MAKING ART WORK, No.13: Jeff Dixon

February 27 2018

 by Noelle Sharp.

MAKING ART WORK: Advice for artists, from artists is a series that taps into the knowledge and experience of seasoned creatives from our community and beyond for the benefit of our students. We had the pleasure of speaking with writer, filmmaker and Film & Media Arts alum, Jeff Dixon, for this episode of MAKING ART WORK.

What do you wish you had known when you were a less experienced artist?
Because this series is called “Making Art Work” I’ll steer this answer toward treating art as a career choice and not simply a hobby. Early in my attempt at an actual writing career, I had tunnel vision focused solely on the craft. I figured all I had to do was write glorious magic, and success would naturally follow. Now I know it was naive to be so one-sided. Obviously the art comes first, no question, but looking back now I wish I’d known more earlier on about the BUSINESS of my art as well. Yep, I know in the art world sometimes the dreaded “B” word gives you shivers, but don’t let it. You can be the single greatest artist in the world, yet if you aren’t business savvy as well, the only people who will ever know your skills will be your mom, your dog and maybe your Aunt Lupita. I wish I would have worked concurrently learning how the business of screenwriting/Hollywood worked at the same time I studied the craft. If you want an actual career out here, you can’t have one without the other. There’s a reason why they call Hollywood, “The Business.”

How do you find balance between creating your own art and using your creative talents for other projects (jobs, collaborations, etc.)?
Balance is key to everything. I’m a dad of two daughters and because my wife’s work has always caused her to travel a lot, I’ve been the primary caregiver at home. For me I had to find balance not only in work, but with family as well. Before I was pretty loosey-goosey with scheduling my time, but I learned early on that I needed structure or I wasn’t going to get anything done. Now I treat writing just like any other job or duty. I schedule dedicated blocks of time in my calendar every single day solely for writing. If I only used my calendar for pitches, meetings, kid’s school scenarios, doctor’s visits, or any of the other 1000 items in a day, I’d never get any actual writing time in there. If I schedule it directly in my calendar, I don’t let anyother distractions get in that time block. Although trust me, I’ll still find some time in there to procrastinate with a little Facebook or Plants vs. Zombies. I am a writer after all.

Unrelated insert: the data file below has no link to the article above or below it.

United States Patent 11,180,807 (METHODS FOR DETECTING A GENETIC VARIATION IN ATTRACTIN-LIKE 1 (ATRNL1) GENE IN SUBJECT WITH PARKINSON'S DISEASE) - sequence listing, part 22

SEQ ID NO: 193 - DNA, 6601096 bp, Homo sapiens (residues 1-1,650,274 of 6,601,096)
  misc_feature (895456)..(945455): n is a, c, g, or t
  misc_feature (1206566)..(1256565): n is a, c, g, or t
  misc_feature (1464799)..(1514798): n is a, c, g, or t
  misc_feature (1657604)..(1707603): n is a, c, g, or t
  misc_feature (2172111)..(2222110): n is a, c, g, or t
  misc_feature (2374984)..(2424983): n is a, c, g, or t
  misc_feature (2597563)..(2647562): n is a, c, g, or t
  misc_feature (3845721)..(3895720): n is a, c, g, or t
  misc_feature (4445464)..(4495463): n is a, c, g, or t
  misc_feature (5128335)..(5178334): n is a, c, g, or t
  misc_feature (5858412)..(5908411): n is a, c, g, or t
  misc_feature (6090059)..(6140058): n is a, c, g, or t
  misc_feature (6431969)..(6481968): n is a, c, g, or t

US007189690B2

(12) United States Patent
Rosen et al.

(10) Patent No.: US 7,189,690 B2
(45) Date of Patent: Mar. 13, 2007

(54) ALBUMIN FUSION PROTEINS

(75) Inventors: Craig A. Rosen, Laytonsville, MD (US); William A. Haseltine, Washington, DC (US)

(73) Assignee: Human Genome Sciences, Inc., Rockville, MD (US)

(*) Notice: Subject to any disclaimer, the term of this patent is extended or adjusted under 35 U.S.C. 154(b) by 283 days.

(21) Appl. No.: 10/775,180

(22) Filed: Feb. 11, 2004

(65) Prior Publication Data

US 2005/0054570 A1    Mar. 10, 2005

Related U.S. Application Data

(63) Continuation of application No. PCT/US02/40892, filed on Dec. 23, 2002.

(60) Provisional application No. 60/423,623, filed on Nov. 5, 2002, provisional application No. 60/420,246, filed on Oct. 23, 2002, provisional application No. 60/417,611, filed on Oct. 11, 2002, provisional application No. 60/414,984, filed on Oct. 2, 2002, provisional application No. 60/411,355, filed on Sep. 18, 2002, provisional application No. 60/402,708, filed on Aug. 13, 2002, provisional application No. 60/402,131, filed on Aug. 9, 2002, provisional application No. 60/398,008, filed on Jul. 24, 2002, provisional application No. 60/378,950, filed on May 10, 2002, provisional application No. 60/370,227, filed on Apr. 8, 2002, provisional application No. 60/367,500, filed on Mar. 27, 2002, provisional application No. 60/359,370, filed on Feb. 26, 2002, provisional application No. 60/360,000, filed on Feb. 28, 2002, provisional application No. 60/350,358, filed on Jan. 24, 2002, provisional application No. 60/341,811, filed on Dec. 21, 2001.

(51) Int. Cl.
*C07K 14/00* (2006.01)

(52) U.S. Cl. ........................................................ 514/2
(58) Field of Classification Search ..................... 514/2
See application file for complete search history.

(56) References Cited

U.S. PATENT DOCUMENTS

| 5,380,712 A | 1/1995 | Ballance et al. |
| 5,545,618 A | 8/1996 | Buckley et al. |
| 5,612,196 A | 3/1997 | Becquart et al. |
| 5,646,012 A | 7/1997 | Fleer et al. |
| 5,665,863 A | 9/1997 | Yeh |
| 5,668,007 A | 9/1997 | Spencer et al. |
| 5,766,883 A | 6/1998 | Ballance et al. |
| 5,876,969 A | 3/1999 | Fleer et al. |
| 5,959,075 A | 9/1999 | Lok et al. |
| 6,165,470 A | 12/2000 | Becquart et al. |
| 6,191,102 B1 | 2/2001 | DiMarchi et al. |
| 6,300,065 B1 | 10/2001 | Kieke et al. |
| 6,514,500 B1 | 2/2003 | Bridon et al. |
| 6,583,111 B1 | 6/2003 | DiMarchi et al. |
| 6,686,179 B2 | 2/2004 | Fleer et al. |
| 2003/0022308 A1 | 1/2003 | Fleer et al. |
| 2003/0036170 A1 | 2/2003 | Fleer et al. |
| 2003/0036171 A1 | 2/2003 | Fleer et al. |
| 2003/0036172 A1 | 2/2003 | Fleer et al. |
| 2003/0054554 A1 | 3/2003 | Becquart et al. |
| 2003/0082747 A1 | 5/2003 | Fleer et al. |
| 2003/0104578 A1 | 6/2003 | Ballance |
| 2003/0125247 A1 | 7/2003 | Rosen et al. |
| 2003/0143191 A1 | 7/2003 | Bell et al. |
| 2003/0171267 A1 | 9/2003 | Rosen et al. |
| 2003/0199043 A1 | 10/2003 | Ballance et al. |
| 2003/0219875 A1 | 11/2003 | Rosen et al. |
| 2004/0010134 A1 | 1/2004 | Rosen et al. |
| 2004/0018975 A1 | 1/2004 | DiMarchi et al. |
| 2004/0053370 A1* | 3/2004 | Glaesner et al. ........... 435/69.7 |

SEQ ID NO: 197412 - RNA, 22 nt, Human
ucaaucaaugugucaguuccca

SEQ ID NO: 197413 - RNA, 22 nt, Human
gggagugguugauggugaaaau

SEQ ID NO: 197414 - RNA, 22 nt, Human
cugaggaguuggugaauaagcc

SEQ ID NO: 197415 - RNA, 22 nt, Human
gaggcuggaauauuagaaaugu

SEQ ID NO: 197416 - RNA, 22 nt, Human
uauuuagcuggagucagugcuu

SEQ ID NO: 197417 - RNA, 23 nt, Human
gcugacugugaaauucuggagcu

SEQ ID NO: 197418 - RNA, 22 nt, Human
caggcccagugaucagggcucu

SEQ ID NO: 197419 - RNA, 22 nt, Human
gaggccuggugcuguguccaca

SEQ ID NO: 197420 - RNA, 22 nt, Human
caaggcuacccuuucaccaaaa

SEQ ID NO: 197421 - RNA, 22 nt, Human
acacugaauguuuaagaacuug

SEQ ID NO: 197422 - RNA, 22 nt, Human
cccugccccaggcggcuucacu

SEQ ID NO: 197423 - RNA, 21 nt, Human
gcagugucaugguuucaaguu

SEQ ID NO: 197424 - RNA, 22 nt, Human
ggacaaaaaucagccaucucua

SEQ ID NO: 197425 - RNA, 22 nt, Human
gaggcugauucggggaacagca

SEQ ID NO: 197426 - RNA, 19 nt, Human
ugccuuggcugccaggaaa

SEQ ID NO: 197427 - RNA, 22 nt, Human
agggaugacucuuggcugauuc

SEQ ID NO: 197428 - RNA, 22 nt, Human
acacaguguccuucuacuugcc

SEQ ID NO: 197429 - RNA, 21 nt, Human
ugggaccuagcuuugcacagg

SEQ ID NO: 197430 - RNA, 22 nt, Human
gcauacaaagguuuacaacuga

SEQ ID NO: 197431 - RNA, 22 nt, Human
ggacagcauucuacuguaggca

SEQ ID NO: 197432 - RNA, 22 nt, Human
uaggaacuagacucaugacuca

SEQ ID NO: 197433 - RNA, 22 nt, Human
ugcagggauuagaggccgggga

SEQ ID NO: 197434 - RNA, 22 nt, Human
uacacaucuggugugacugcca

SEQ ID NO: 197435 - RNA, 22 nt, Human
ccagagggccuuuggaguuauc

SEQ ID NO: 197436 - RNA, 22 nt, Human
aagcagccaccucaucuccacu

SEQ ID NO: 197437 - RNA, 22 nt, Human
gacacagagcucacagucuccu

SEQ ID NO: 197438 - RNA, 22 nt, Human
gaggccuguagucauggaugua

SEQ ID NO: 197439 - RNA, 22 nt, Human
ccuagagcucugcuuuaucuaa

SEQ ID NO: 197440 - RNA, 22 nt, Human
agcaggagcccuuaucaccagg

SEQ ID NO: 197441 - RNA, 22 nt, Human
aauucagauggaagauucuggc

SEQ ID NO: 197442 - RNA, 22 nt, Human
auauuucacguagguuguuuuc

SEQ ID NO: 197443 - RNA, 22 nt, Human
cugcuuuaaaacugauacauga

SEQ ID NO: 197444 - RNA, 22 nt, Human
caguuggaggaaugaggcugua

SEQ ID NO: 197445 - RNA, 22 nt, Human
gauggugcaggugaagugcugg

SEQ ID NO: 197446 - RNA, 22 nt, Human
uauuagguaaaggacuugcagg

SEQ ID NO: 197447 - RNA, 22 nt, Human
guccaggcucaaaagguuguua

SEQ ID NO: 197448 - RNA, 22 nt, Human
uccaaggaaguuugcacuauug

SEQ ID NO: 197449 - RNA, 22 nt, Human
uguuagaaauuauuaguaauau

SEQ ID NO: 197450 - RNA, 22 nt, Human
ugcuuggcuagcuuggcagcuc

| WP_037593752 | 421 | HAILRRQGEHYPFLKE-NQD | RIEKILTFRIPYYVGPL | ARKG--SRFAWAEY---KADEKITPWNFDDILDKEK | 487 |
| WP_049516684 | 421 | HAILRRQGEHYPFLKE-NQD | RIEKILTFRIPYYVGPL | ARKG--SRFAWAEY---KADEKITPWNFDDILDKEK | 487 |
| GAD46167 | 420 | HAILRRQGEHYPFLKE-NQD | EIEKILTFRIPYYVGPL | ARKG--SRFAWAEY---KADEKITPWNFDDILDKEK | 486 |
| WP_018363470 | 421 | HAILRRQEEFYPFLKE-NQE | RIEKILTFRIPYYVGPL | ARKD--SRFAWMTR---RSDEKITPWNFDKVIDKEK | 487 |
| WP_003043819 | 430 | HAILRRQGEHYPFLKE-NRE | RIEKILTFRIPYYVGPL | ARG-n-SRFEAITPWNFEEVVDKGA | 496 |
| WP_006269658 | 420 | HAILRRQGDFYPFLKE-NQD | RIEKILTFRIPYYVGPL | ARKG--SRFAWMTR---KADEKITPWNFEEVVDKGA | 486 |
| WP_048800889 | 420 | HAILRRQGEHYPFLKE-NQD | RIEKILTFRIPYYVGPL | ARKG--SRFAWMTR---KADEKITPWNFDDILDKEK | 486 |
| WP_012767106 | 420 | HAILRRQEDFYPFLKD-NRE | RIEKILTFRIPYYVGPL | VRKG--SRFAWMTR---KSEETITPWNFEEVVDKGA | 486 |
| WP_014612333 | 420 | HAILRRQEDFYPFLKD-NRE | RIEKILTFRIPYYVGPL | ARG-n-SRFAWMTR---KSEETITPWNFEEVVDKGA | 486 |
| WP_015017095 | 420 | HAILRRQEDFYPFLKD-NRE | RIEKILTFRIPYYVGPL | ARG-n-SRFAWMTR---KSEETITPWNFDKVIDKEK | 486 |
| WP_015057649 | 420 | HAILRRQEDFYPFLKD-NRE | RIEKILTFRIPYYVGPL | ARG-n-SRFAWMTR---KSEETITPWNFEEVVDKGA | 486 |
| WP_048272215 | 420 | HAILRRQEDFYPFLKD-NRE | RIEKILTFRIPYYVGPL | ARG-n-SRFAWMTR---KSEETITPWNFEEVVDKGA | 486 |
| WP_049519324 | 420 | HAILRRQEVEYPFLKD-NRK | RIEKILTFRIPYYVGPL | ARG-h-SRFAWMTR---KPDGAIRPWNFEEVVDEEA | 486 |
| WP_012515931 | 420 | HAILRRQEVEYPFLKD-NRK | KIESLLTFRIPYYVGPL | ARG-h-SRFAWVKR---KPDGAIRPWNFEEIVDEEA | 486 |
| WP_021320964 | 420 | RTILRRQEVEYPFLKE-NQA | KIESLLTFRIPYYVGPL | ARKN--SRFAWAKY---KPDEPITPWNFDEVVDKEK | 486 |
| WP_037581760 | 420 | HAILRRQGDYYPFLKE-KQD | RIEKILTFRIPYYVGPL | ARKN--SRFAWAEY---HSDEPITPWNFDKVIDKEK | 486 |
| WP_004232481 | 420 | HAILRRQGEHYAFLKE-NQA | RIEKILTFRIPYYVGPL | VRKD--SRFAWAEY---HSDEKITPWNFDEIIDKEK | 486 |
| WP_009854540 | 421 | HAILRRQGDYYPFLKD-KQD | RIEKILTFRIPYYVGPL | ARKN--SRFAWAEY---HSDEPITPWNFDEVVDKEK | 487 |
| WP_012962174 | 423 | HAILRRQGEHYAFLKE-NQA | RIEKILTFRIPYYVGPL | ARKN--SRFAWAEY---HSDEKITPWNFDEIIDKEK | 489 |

What’s the most useful advice you were given?
Don’t limit yourself. Make yourself available to work on every single aspect of your craft, and every genre. When I first started I solely considered myself a horror screenwriter. I only wrote films, and I only wrote horror. But over the years, I widened my spectrum and started working not only in all genres, but in all different forms of writing as well. I’ve since written comic books. I’ve published a full graphic novel. I’ve written for video games. I’ve written for TV. I used to write the blog/lesson summaries for the Stan Winston School. Hell, I even wrote for the WWE for a while. Guess what happens when you don’t limit yourself to one aspect? Your craft grows in all aspects. For example, when I was writing for wrestlers in World Wrestling Entertainment, I had to really focus on my dialogue. And not just any dialogue, but short-form dialogue. Live television working in exact blocks of time (as well as the limited vocabulary of a few performers) makes for the need to get the most information out in the shortest amount of time. This ended up helping me with the dialogue in all my feature scripts as well. Every aspect helps the other. Plus, if I would have only stuck with writing horror, I wouldn’t have an action movie like The Hurricane Heist coming out in March! Although, I definitely tried to squeeze a few “horror” moments in there. Can’t take that part away from me.

For more information on Dixon you can follow his blog at here. Make sure to check out Dixon’s film, The Hurricane Heist, coming out on 3/9.